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Author Topic: Is there a magnetic field around ray of electrons in vacuum?  (Read 4406 times)

Offline mathew_orman

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Is there a magnetic field around ray of electrons in vacuum just like around the CRT beam?
« Last Edit: 04/09/2015 12:36:29 by chiralSPO »


 

Offline lightarrow

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Re: Electrons and magnetic field
« Reply #1 on: 31/08/2015 10:20:49 »
Is there a magnetic field around ray of electrons in vacuum just like around the CRT beam?
Why there should be a difference? Isn't a CRT beam made of electrons in the void?

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Offline mathew_orman

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Re: Electrons and magnetic field
« Reply #2 on: 31/08/2015 10:52:26 »
The question was about field and not about differences in description of ray of electrons...
 

Offline alancalverd

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Re: Electrons and magnetic field
« Reply #3 on: 31/08/2015 12:36:23 »
Yes
 

Offline mathew_orman

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Re: Electrons and magnetic field
« Reply #4 on: 31/08/2015 13:25:13 »
So the ray has self inductance and can produce electromagnetic waves?
Two rays in parallel would have mutual inductance?
 

Offline chiralSPO

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Re: Electrons and magnetic field
« Reply #5 on: 31/08/2015 13:27:28 »
Any net motion of charge will have an associated magnetic field. A cathode ray is no different from a wire with current in this regard.
 

Offline PmbPhy

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Re: Electrons and magnetic field
« Reply #6 on: 31/08/2015 13:58:39 »
Quote from: mathew_orman
... can produce electromagnetic waves?
Only when the current is time varying so as to create an electromagnetic wave.
 

Offline mathew_orman

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Re: Electrons and magnetic field
« Reply #7 on: 31/08/2015 14:52:46 »
It is easy to modulate the ray using gate electrode but would it radiate and act as a dipole antenna?
 

Offline alancalverd

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Re: Electrons and magnetic field
« Reply #8 on: 31/08/2015 17:09:16 »
If you are careful and diligent, you could end up designing a betatron.
 

Offline lightarrow

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Re: Electrons and magnetic field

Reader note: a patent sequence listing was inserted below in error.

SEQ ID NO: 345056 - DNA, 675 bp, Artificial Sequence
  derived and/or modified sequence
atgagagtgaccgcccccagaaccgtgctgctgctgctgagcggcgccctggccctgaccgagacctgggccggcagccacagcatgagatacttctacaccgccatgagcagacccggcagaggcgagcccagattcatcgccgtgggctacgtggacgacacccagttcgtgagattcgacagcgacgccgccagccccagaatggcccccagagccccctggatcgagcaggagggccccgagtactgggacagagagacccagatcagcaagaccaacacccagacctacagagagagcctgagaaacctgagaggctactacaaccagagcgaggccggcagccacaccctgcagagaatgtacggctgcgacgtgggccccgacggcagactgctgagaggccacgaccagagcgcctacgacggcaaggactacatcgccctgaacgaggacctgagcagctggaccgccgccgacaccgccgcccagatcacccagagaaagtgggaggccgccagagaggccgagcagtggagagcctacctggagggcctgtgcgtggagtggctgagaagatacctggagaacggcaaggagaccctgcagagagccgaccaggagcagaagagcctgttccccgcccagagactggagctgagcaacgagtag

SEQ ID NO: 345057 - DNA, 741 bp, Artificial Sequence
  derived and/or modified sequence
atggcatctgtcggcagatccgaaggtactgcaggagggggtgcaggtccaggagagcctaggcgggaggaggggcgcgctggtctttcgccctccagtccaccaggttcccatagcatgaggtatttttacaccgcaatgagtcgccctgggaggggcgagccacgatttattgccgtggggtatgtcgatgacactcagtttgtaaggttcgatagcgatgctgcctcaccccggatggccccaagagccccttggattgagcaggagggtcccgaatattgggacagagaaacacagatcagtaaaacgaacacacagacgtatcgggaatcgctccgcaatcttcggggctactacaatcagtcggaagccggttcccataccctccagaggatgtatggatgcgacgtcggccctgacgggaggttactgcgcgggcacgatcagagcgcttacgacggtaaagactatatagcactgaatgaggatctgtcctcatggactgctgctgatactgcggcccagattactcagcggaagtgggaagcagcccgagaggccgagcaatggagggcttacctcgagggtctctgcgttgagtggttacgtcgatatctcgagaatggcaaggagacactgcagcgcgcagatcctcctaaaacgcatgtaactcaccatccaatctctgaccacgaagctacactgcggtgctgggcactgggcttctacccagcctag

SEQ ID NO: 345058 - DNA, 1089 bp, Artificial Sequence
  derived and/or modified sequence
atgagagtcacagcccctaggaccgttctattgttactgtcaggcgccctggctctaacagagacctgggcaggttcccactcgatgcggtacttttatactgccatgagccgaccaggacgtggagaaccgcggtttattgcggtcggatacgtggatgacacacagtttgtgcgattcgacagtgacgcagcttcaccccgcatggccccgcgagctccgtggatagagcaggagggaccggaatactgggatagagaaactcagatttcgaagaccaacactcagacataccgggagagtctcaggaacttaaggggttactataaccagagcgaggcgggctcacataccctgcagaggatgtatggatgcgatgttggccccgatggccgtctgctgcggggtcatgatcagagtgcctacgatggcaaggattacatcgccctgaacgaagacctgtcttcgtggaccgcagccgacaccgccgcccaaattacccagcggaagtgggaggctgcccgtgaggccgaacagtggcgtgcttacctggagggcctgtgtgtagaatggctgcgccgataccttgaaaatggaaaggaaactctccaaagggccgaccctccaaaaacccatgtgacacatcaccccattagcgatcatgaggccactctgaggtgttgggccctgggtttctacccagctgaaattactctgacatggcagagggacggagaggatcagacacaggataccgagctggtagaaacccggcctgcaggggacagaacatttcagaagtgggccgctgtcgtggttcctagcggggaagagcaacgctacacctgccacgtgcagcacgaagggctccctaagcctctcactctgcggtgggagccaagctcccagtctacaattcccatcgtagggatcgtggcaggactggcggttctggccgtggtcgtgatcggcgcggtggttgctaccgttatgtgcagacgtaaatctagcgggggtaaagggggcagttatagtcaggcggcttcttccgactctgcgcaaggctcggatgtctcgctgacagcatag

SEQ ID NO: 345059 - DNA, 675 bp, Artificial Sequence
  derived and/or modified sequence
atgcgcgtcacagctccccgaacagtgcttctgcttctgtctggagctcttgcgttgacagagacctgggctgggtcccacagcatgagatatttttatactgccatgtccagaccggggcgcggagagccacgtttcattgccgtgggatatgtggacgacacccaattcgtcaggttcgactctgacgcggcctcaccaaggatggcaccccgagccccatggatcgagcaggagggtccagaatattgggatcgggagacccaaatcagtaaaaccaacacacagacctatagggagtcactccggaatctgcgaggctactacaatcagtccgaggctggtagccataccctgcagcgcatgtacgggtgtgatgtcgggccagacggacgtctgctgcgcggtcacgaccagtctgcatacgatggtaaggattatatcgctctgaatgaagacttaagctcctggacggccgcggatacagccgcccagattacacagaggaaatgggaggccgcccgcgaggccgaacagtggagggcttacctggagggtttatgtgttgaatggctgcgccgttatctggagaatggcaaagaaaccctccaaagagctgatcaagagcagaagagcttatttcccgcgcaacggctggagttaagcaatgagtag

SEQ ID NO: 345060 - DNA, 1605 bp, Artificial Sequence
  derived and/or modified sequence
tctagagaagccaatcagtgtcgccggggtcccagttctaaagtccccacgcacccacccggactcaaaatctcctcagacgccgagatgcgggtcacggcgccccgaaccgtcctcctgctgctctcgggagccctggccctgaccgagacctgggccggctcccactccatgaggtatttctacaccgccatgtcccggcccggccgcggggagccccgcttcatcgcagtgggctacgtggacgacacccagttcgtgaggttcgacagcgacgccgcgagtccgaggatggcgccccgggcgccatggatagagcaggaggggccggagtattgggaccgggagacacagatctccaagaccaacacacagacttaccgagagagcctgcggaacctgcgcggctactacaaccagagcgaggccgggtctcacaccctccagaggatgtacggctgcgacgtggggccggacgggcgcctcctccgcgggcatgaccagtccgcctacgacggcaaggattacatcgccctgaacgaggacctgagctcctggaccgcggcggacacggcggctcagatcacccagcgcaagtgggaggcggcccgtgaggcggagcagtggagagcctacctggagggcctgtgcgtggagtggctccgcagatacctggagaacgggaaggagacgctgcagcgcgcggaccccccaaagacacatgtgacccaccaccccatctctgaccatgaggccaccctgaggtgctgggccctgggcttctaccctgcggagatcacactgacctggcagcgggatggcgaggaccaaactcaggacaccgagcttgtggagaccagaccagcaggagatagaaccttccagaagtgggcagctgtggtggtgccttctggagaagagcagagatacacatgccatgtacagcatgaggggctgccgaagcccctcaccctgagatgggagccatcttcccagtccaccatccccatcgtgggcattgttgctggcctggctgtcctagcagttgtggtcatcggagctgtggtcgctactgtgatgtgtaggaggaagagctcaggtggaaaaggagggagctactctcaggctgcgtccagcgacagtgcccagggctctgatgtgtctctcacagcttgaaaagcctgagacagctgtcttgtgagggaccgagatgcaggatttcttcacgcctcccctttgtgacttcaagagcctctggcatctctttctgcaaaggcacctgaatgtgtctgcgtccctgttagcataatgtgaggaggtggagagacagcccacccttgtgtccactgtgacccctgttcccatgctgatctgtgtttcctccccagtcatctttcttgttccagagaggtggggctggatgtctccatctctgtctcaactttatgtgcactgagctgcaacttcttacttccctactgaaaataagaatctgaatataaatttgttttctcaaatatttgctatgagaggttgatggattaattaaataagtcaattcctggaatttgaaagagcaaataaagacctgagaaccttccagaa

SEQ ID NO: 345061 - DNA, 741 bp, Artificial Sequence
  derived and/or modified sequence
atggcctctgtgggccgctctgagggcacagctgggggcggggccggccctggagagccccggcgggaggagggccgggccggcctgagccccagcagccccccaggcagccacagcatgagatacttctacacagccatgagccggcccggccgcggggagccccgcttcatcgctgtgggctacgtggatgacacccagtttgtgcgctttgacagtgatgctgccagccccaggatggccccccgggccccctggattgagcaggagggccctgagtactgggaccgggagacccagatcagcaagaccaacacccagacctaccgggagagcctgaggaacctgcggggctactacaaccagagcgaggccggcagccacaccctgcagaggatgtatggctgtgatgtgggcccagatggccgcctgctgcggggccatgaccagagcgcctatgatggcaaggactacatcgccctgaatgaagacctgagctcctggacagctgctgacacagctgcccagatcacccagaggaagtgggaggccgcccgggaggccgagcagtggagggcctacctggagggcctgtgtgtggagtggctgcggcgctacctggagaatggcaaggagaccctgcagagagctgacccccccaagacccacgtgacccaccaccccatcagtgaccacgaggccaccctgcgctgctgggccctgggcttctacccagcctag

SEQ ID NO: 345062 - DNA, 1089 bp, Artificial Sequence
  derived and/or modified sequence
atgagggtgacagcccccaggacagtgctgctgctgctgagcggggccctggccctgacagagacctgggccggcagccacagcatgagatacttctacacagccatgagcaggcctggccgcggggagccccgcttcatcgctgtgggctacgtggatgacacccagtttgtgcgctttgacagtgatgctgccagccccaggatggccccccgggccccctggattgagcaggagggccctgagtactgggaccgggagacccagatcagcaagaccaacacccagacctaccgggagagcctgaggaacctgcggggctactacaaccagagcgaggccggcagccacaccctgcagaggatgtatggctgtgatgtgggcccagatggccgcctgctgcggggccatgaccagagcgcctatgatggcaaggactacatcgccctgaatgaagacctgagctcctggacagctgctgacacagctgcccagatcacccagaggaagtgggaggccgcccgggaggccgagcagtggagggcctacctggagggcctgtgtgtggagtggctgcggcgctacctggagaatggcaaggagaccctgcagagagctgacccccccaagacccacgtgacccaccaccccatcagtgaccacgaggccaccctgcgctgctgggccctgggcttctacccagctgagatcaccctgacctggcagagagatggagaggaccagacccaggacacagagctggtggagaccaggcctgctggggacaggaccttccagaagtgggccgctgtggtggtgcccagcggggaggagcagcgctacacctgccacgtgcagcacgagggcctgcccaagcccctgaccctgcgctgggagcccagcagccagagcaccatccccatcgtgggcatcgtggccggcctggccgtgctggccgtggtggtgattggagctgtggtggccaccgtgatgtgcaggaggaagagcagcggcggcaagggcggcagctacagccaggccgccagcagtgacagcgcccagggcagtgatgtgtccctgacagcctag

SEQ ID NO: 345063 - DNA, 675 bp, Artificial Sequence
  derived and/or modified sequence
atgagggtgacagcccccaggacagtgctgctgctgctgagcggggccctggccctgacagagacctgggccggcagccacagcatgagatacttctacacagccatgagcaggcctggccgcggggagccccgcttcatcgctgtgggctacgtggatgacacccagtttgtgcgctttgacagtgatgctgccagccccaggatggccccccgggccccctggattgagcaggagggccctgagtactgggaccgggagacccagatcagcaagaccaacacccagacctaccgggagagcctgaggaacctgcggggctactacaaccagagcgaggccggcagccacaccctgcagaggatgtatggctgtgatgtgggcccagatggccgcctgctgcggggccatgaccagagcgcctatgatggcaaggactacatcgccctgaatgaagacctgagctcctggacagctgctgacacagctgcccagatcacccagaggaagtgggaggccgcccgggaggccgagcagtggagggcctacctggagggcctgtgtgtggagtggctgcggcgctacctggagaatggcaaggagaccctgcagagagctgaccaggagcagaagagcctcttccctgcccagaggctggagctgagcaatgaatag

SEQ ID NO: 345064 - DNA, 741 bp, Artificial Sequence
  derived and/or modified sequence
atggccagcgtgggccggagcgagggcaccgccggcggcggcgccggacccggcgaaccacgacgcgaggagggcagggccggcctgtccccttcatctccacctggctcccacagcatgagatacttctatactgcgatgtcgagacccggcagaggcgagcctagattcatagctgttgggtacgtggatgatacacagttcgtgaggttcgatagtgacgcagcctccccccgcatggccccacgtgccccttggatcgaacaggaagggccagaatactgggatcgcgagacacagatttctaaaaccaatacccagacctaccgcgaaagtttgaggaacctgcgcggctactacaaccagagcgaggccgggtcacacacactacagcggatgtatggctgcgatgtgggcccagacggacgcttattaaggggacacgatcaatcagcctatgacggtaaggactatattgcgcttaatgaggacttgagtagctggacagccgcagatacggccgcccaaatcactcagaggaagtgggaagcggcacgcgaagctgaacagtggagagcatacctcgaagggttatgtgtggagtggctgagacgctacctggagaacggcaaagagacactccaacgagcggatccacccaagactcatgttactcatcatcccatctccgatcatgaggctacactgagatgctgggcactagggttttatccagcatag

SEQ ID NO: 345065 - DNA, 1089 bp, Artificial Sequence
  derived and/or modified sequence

« Reply #9 on: 01/09/2015 13:34:42 »
The question was about field and not about differences in description of ray of electrons...
If we knew that all dogs barks, you say that dog A barks and ask me if dog B barks too and I reply that it's still a dog, why do you ask me that the question was about barking?  :)

I ask you again: why should electrons moving in the void of a CRT should behave differently from electrons moving in another void region of space? If they generate a magnetic field in the first case, why shouldn't they do in the second? It's the fact that a charge moves, that makes it generate a magnetic field, nothing else than this.

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« Last Edit: 01/09/2015 13:38:13 by lightarrow »
 

Offline mathew_orman

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Re: Electrons and magnetic field
« Reply #10 on: 01/09/2015 14:53:25 »
There are many differences  like resistance skin effect and etc.
 

Online evan_au

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Re: Electrons and magnetic field
« Reply #11 on: 01/09/2015 15:46:43 »
If you want to efficiently generate an electromagnetic wave in space, a linear vacuum tube (like an old-fashioned TV CRT) is not necessarily the best way to do it.

A vacuum is basically a pretty good insulator, so you need very high voltages to produce a low current. You can help it along by heating the cathode, but you end up with a very high impedance AC source. This is not a good impedance match for free space, so you need to transform this high impedance source to match the low impedance of free-space radiation. Traditional vacuum tune transmitters used transformers to match the high source impedance to the low impedance of a conductive copper wire, which is matched to the impedance of free space at the intended operating frequency.

Mobile phones use semiconductor amplifiers, which are fairly low impedance devices, and a reasonable match to the antenna impedance. But they can only deal with fairly modest power levels.

For really high power transmitters (like TV transmitters), vacuum tube + transformer + copper antenna is still the best way to go.